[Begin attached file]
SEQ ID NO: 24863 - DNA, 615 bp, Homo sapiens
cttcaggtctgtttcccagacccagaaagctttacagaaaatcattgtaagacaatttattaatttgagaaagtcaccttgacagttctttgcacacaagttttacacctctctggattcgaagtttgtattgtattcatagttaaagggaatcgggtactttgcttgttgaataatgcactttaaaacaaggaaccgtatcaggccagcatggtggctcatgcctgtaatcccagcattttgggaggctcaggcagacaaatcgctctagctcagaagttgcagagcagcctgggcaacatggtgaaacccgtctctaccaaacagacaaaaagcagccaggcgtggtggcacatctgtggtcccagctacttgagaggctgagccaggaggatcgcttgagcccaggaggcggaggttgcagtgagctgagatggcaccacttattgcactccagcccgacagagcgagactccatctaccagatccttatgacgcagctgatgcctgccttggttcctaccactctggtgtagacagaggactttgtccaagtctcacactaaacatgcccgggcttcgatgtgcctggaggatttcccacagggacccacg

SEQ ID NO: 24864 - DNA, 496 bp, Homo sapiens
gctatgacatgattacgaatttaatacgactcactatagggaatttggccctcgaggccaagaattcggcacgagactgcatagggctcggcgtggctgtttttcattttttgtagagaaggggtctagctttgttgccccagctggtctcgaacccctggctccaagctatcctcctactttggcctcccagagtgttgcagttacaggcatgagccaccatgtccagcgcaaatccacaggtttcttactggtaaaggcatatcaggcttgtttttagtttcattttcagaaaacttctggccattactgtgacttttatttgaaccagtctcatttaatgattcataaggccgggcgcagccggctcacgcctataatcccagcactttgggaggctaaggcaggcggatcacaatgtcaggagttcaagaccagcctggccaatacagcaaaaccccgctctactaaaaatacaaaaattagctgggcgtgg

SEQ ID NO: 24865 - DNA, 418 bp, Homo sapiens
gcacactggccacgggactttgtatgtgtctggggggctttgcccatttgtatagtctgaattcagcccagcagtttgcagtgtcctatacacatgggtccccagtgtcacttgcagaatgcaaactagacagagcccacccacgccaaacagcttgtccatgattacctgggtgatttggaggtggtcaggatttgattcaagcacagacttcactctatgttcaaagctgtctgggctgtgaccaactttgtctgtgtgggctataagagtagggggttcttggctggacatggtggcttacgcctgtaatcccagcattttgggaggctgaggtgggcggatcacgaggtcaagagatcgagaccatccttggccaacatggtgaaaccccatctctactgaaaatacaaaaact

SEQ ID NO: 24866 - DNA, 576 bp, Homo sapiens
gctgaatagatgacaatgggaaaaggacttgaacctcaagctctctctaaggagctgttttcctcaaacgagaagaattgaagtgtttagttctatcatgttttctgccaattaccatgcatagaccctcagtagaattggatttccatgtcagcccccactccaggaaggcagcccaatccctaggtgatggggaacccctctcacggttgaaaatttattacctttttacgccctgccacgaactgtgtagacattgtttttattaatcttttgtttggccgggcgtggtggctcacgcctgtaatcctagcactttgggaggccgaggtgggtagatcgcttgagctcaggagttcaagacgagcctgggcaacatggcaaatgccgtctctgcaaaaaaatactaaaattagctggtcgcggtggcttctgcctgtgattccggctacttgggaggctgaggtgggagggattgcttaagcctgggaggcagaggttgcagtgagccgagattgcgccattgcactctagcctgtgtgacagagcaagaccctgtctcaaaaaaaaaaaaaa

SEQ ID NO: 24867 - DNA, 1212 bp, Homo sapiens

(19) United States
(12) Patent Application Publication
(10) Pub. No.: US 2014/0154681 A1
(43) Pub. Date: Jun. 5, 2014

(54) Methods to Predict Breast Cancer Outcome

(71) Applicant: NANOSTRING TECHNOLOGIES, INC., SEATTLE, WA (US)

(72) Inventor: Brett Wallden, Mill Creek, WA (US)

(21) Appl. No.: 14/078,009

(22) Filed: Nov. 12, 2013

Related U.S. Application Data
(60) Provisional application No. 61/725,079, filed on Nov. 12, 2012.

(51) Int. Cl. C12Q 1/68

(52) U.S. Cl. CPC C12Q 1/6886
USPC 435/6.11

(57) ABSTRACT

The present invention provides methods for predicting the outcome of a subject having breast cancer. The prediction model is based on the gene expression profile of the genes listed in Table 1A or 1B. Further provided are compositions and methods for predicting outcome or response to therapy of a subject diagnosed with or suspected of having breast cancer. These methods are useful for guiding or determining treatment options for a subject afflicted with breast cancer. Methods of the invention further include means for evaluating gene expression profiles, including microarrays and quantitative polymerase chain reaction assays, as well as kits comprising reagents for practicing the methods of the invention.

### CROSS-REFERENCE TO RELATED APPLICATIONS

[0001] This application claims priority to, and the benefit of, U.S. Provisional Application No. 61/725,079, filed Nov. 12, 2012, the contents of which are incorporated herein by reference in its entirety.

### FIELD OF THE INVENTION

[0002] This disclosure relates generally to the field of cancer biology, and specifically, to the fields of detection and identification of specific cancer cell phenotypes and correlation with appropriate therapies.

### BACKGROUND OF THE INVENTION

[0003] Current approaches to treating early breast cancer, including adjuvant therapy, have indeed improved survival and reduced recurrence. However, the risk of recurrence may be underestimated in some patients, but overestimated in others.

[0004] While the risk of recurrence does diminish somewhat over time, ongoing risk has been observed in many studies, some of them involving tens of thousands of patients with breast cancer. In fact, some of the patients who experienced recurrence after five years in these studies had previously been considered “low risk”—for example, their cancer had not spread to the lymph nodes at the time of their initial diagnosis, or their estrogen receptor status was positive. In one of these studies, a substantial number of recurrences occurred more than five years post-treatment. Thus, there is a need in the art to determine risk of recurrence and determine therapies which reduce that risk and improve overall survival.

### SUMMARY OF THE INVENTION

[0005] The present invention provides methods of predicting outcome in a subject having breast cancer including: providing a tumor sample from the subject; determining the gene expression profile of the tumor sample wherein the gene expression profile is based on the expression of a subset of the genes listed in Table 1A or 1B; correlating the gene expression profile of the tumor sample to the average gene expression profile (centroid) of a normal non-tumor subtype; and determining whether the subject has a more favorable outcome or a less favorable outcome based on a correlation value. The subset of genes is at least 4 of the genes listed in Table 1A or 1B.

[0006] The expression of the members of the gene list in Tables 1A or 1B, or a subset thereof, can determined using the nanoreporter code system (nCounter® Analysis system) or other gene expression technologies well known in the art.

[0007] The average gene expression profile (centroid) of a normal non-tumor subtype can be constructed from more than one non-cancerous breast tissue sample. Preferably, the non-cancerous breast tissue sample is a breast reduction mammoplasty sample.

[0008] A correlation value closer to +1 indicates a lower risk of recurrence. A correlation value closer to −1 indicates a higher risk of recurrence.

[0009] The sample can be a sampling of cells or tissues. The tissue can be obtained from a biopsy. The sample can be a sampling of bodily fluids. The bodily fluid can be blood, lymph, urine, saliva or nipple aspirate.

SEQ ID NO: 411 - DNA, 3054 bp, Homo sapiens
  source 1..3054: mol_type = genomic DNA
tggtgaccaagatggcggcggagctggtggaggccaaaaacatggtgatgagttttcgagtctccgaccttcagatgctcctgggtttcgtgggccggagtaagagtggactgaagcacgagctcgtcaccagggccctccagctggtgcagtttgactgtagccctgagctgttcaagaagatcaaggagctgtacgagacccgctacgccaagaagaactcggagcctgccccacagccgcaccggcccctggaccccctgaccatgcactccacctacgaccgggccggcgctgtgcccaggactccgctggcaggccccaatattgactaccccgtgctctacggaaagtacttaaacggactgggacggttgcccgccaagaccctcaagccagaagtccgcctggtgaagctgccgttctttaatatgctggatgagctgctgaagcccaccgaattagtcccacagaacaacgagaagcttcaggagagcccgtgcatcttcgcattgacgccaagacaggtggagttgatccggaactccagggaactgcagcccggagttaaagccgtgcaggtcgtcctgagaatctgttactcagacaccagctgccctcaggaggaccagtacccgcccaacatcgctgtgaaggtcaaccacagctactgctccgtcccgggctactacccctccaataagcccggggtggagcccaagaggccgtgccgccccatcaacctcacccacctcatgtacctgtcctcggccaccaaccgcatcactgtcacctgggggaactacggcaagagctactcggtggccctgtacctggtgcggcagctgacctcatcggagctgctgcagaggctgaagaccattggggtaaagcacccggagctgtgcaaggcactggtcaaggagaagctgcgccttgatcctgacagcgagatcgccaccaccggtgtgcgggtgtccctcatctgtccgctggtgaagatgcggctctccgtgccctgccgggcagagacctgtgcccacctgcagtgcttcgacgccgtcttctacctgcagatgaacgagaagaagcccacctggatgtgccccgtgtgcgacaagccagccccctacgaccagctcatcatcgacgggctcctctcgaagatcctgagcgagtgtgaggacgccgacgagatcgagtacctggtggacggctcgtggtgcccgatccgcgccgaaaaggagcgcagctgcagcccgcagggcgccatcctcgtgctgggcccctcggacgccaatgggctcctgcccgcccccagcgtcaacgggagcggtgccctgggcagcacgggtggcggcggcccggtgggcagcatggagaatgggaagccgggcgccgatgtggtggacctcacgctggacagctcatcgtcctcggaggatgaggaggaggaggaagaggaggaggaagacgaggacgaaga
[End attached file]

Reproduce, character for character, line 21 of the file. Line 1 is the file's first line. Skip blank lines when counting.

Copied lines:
(51) Int. Cl. C12Q 1/68